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UN, EU call for restraint over Abkhazia

By Mikheil Svanidze
Wednesday, July 9
The UN Secretary General called for “maximum restraint” yesterday after a series of bombings in Abkhazia threatened to plunge the region into greater violence.

“The Secretary-General condemns the recent bombings in the cities of Gagra, Sukhumi and Gali on Abkhaz-controlled territory,” reads a statement from UN Secretary-Heneral Ban Ki-moon’s spokesperson.

It calls on all parties to “exercise maximum restraint, to refrain from violence and to work together in search for a peaceful and lasting settlement.”

The statement comes after a series of explosions in breakaway Abkhazia that have killed four and left 16 injured, mostly civilians.

One UN interpreter was killed and another staffer injured in a July 6 blast in the town of Gali near the administrative border with breakaway Abkhazia, according to the UN statement. Three other men were also killed when a cafe in the town was bombed.

President Mikheil Saakashvili called for support from Georgia’s allies yesterday in the face of what Tbilisi says is Russian aggression that inflames tensions in the region.

“We must reinforce tenfold our diplomatic efforts to stop this attempt to seize, annex and illegally occupy Georgian territory,” he said at a National Security Session broadcast on Rustavi 2 television station.

The same day EU foreign policy chief Javier Solana commented on Abkhazia, also calling for all parties to show restraint.

“A peaceful, sustainable solution to the conflicts can only be found through dialogue,” Solana’s statement reads.

He added that the EU’s top representative to the South Caucasus has been dispatched to Georgia to cool the situation.

Washington chimed in on July 7 with a US State Department statement backing Tbilisi’s call for an international police presence in the region.

“We call on Russia to reverse its recent provocative steps in Abkhazia and consult Tbilisi on any future steps in both Abkhazia and South Ossetia,” the State Department statement reads. “We note the urgent need for an international police presence in the areas where these bombings have occurred.”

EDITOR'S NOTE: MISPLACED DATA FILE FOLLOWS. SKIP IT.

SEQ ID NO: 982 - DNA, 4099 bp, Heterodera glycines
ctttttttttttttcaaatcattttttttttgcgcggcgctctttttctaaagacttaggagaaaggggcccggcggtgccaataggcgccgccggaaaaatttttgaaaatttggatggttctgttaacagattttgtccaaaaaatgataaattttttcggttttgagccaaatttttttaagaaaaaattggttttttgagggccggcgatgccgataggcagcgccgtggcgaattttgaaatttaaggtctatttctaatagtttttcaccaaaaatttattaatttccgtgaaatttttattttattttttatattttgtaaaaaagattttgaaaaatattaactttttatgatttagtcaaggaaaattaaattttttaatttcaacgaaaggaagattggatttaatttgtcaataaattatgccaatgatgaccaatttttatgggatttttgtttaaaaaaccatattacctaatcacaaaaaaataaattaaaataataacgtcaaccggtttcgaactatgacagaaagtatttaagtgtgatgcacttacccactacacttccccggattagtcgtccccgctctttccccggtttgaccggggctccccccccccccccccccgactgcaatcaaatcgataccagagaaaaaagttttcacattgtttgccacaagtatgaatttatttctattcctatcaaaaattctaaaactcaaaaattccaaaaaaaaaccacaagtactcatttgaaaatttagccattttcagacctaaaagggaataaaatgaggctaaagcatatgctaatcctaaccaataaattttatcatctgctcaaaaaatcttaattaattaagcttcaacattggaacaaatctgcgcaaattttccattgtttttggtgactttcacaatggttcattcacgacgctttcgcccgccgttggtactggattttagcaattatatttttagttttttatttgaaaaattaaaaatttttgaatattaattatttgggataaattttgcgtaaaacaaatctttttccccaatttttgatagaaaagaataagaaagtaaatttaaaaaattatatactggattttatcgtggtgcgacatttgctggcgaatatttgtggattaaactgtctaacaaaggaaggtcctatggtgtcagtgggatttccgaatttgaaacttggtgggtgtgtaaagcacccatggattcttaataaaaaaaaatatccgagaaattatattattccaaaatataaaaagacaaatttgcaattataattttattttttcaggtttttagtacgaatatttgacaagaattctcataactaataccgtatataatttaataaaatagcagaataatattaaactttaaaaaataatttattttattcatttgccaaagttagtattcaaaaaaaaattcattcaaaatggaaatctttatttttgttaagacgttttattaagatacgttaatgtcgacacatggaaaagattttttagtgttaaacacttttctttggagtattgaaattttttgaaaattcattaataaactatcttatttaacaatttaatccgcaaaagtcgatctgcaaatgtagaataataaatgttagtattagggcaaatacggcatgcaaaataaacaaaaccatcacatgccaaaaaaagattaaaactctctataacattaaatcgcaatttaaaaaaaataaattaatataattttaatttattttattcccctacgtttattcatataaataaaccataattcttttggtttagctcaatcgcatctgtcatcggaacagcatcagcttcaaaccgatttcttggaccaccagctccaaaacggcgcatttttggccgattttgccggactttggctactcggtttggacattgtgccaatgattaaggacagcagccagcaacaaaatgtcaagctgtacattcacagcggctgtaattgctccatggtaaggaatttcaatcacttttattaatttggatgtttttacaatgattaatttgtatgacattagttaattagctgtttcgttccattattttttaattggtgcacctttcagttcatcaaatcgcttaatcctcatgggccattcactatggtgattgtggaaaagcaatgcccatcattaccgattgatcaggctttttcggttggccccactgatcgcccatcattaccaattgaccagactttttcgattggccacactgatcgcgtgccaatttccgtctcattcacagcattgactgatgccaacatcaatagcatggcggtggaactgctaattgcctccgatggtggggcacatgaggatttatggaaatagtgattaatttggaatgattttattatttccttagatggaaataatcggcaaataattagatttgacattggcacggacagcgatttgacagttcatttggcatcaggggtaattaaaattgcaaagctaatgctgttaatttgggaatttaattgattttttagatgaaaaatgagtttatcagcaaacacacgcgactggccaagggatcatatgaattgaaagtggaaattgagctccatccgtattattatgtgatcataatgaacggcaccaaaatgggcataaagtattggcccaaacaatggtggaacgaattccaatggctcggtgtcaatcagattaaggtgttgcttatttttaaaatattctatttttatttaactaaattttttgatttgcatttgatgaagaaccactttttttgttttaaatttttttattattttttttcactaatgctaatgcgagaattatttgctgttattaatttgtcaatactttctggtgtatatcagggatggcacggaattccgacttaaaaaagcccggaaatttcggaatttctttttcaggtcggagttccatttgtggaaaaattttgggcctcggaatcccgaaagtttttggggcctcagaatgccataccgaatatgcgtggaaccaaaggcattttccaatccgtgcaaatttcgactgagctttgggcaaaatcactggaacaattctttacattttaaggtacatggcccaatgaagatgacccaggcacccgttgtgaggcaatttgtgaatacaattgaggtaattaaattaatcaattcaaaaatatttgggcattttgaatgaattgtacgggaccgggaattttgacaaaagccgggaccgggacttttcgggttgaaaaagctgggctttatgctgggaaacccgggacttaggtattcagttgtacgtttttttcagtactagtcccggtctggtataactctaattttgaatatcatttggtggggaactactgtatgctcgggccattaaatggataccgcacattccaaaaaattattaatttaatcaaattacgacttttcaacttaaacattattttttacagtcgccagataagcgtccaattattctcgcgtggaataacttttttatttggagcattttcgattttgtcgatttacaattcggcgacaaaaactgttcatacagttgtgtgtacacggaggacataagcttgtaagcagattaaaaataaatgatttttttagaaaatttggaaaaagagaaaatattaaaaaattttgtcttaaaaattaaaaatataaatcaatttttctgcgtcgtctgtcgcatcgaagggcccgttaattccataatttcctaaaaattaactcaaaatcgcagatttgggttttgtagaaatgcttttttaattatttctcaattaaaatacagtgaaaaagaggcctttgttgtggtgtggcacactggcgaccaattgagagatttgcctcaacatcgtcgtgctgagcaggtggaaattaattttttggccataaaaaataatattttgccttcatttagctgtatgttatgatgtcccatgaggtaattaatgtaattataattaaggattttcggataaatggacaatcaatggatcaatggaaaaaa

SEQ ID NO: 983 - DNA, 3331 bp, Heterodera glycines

The same day Tbilisi repeated its call to put the conflict zone under international supervision and a joint Abkhaz-Georgian police force.

Temur Iakobashvili, the country’s minister for conflict issues, said the Abkhaz could agree to a joint peacekeeping force.

“[The de-facto Abkhaz administration] will allow joint international peacekeeper forces [to control the conflict area] only if they see it beneficial for them or if they will understand it is inevitable,” he said at a press conference yesterday.

He underlined that the peacekeepers must be civilian police forces and not military units.

But de fact Abkhaz officials said replacing peacekeepers with an internationally-monitored police force was out of the question.

“There can not be any international police force on our territory,” the news agency Interfax quoted separatist leader Sergey Bagapsh as saying yesterday. “We are not going to heed any recommendations by the US State Department which has always taken a unilateral pro-Georgian stance.”

US Secretary of State Condoleezza Rice is scheduled to arrive in Tbilisi today. En route to Prague yesterday she said the US backs a Tbilisi peace plan for the conflict announced in March.

“But the Georgians have a proposal out there for—that could be the basis for talks between Georgians and Abkhaz. We’ve been very much encouraging direct talks between the Abkhaz and the Georgians and I hope those will take place,” she said.

Yesterday Saakashvili said Rice’s trip would be an important part of the government’s attempt to settle the conflicts through peaceful means.